BT continues hopeless search for a clue

29 August 2008

There's a real sense of flailing around in BT's latest missive to its broadband customers plus a cracking public-relations use of the word "confusion". A couple of weeks back, BT sent out a pretty unambiguous email to people on the BT broadband service:

"We wanted to let you know we will be withdrawing the BT Digital Vault Basic (2GB) product shortly. This means you’ll need to upgrade to BT Digital Vault Plus within the next 60 days to access, upload or share your stored files.

"Upgrade to BT Digital Vault Plus for only £4.99 a month...We’ll switch off your BT Digital Vault 2GB service on the 30th October 2008, so make sure you upgrade now to get continuous protection for all your precious photos, files and more."

The Digital Vault Basic is/was the one that broadband users get for free. The August 15 email demonstrated that BT was using the drug-dealer business model for promoting the service: offer a sample for free, get people on it, then withdraw it. I wasn't overly bothered as the system was not exactly Mac-friendly and I've got a fair few gigs in the cloud through other services. I thought no more about it.

Then, today, another email arrived apologising for the "confusion", apparently hoping that it could hide a change of mind by blaming customers for not reading emails correctly:

"We recently sent you an email advising you about the withdrawal of our 2GB Digital Vault Basic product. We would like to apologise for any confusion this email may have caused. Our 2GB Digital Vault product is an old product which is no longer available to new customers therefore we are removing it from our portfolio."

So, the 2GB product is safe, right? Er...not exactly. The 2GB service is being withdrawn:

"We'd like to assure you that any data you currently hold in your vault will continue to be stored safely. Your free Digital Vault Basic (2GB) account will be converted to a free 1GB Digital Vault Basic account automatically in the next 60 days."

So, what happens to people who happen to have stored more than 1GB in BT's wobbly cloud:

"You can continue to access all your stored files from your free 1GB Digital Vault Basic, however you won’t be able to upload any new files until your total usage falls below 1GB or if you are a BT Total Broadband customer you can upgrade to Digital Vault (5GB) at no extra cost."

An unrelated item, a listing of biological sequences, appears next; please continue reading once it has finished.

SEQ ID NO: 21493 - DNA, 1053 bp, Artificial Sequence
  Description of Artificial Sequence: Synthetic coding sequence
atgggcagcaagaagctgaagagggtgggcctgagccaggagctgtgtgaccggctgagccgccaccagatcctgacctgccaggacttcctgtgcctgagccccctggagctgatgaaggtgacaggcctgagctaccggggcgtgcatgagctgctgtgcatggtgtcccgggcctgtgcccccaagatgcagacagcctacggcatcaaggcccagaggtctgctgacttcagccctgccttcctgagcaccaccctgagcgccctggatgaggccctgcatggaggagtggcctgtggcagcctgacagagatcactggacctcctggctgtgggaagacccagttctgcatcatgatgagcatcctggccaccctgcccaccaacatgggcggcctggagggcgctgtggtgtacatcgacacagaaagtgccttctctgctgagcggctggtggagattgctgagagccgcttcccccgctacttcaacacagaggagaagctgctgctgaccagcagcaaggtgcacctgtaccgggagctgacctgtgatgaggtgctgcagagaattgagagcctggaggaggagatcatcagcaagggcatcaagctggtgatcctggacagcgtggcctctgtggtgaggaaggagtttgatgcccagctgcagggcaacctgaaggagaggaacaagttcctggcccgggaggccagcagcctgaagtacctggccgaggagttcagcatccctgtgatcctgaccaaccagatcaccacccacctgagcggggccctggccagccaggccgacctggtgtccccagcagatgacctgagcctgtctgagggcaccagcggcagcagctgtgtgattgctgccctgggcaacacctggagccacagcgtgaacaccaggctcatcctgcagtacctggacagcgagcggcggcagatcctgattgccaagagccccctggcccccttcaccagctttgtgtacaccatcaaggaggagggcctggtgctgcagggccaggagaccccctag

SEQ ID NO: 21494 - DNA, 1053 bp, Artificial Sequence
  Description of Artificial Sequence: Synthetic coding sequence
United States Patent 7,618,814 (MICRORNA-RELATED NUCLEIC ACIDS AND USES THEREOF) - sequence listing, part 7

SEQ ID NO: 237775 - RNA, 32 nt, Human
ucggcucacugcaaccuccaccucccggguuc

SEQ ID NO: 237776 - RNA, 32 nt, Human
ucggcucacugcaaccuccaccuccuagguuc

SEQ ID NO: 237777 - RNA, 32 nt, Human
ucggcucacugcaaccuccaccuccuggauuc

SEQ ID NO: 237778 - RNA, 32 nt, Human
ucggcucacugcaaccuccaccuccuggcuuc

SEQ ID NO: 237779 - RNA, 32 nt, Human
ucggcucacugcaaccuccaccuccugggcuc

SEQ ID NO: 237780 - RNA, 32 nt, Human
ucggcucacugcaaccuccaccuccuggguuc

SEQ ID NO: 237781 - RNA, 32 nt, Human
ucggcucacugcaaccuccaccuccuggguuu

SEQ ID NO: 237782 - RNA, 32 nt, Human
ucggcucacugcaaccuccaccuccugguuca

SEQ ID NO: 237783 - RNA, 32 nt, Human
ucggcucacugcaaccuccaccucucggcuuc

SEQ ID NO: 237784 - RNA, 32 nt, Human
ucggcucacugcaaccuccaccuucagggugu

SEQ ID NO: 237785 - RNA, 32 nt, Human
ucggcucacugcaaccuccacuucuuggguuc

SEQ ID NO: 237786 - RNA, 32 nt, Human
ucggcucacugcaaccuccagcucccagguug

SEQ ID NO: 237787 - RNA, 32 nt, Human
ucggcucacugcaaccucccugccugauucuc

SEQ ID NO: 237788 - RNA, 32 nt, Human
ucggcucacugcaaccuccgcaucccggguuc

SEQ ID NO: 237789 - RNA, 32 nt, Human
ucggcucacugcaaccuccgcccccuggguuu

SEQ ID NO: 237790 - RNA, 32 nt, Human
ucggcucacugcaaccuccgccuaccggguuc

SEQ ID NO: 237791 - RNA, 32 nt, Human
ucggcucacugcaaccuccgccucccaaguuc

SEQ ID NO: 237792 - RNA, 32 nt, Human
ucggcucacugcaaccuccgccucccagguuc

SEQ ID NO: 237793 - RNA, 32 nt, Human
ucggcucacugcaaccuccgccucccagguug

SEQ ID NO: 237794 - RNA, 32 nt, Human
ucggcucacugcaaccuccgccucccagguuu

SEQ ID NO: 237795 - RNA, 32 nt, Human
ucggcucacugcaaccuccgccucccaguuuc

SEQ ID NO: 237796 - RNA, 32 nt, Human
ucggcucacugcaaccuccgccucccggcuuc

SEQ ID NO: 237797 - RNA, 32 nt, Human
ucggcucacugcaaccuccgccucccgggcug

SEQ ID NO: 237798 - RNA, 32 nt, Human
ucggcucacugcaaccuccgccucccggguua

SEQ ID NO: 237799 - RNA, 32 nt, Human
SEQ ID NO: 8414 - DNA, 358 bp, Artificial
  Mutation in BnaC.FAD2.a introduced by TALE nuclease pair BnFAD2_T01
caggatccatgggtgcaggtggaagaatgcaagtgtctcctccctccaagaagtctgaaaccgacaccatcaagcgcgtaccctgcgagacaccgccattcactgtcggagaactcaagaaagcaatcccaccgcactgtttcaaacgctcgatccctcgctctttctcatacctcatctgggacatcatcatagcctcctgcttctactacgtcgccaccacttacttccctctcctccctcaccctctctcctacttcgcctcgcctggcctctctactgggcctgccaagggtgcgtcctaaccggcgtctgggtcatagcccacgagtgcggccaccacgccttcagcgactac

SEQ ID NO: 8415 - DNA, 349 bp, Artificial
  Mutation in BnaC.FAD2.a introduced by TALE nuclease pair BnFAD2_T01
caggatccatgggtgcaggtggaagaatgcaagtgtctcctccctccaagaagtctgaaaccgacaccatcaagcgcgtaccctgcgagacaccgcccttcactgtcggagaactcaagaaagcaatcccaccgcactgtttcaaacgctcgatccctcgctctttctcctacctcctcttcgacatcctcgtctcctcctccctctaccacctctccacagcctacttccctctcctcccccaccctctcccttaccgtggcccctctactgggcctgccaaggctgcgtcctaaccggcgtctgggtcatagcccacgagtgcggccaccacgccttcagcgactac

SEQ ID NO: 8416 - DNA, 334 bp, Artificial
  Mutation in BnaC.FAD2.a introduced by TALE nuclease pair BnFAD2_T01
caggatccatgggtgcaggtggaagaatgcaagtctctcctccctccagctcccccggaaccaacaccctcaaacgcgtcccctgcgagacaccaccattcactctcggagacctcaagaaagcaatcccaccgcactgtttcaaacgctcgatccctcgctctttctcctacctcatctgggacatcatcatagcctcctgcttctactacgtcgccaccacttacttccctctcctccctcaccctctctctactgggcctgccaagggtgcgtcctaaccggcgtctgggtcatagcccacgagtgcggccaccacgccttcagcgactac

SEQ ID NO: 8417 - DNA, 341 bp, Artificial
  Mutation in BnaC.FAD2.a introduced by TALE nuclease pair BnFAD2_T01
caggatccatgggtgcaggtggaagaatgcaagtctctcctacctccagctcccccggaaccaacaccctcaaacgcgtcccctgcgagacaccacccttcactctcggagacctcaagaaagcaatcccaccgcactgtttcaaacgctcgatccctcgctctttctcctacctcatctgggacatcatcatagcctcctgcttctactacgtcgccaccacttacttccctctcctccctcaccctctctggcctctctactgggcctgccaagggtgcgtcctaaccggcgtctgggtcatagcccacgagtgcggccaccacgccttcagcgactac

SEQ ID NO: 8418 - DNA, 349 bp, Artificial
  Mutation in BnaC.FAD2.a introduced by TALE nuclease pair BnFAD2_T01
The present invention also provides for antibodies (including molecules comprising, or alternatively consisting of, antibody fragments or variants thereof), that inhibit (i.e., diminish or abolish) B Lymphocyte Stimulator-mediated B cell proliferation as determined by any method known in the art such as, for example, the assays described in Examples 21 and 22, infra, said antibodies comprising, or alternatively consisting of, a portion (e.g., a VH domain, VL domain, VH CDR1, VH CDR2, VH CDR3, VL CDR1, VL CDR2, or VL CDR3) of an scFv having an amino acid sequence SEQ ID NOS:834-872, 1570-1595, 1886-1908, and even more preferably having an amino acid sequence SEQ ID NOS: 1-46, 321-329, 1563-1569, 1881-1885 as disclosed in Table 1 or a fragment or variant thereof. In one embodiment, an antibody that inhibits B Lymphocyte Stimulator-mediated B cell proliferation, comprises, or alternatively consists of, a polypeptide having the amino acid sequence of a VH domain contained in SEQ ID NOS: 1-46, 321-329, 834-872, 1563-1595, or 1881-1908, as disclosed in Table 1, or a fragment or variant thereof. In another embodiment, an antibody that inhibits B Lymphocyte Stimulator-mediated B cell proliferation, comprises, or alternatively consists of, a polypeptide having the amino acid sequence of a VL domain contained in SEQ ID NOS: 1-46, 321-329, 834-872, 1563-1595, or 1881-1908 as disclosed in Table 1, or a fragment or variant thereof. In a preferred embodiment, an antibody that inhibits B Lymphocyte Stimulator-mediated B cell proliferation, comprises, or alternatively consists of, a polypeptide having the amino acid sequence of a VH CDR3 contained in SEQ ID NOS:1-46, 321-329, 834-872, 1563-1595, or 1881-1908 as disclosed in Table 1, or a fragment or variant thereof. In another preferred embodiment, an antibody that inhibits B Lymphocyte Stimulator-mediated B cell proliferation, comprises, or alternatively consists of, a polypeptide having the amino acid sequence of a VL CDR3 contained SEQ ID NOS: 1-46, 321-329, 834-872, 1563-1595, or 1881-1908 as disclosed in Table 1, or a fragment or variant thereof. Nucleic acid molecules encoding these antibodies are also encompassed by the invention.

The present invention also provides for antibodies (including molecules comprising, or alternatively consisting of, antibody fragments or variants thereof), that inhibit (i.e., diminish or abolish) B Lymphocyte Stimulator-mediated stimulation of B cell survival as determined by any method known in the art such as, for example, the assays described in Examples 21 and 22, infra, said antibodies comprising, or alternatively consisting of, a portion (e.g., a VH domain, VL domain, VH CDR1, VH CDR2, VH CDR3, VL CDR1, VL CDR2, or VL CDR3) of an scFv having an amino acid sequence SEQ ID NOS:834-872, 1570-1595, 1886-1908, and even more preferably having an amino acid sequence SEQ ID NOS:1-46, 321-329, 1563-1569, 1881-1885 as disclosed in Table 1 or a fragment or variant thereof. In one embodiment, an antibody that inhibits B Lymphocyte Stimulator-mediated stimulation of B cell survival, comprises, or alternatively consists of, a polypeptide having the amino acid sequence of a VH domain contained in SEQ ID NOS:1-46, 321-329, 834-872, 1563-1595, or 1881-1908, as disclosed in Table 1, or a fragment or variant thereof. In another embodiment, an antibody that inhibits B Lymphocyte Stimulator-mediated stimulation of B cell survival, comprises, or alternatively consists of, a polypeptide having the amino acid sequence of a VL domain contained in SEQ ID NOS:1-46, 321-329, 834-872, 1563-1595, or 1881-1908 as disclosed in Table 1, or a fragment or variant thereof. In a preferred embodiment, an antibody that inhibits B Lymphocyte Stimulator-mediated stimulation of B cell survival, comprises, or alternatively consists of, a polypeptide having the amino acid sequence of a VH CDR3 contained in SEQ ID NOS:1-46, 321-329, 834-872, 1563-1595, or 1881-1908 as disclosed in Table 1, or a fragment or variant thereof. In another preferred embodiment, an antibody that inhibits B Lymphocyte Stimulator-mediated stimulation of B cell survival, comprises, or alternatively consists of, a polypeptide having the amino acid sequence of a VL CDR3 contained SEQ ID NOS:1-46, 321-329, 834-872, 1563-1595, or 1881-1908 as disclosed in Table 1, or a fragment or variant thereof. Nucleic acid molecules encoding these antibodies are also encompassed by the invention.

So, let's go through that again. BT claims the 2GB product is being withdrawn, then says it never meant that. But the company withdraws the 2GB product anyway, replacing it with a 1GB service. That's unless you're on the Total Broadband package in which case you have to do the upgrade yourself rather than waiting for BT to simply up the storage to 5GB. I think I may have to draw a diagram.

If BT customers weren't confused, they probably will be now. I don't know why the company couldn't just come out and say: "Sorry, we messed up. It was a bad idea to offer a free service and then just kill it, so we've changed our minds about switching off the 2GB service. Here's 1GB as a consolation prize."

Claiming that it's all down to confusion just insults customers, treating them as though they can't read. It's not surprising but demonstrates the thinking that goes on inside a lot of companies.

Update: A spokesman for BT said the main aim of the change was to encourage customers who aren't on the Total Broadband package to go look at the new portfolio of services. In an update, he said: "BT Digital Vault Basic 2GB has not been available to new customers since June 2007 and the majority of users are BT Total Broadband customers who qualify for the larger 5GB product for free. This is why we are now withdrawing the [2GB] product".

There's some more on the Guardian Technology blog about this.

1 Comment

As CEO of Carbonite, I find BT’s announcement a little strange as well. At their price point of £5 per month for 50GB, their primary offer is not competitive with Carbonite or Mozy, both of which offer unlimited backup for half that price (and it REALLY is unlimited). Without a free trial, how is BT going to acquire new customers? My understanding is that BT doesn’t actually own and operate this service – they are simply a reseller of a service from a small white branding vendor. My guess is that there were too many free accounts and not enough upgrades, so the vendor decided it was time to cut their losses.

But I think all the talk of “storage” misses the point: “storage” and “backup” are not the same thing. If backup is not completely automatic, it doesn’t get done no matter whether it’s online, on an external hard drive, CD-ROMs, or flash. People just don’t get around to doing it, and we have plenty of surveys to prove it. If backup isn’t automated, it won’t work for most people.

A real backup service is completely automated. Once you set it up, you will always be backed up. You should never have to think about it. Carbonite, for example, requires only an email address and a password, and then backs up everything you’ve ever saved on your PC. So you don’t have to make any decisions or know where your files are stored. There's no need to make selections, no need for scheduling (it's continuous, no decisions at all, really.

Online backup is an application – it’s not just storage. For much less than the cost of an external hard drive, you get your data stored on RAID’d drives in a professionally managed data center. When comparing an automated online backup service with manual backup processes, like flash drives, online storage, etc., you have to ask yourself, “How much is my time worth?”

I wonder how many people actually pay BT £5 for their service, vs take the free service? What is the real business story here?

David Friend, CEO
Carbonite, Inc.
Carbonite Online Backup

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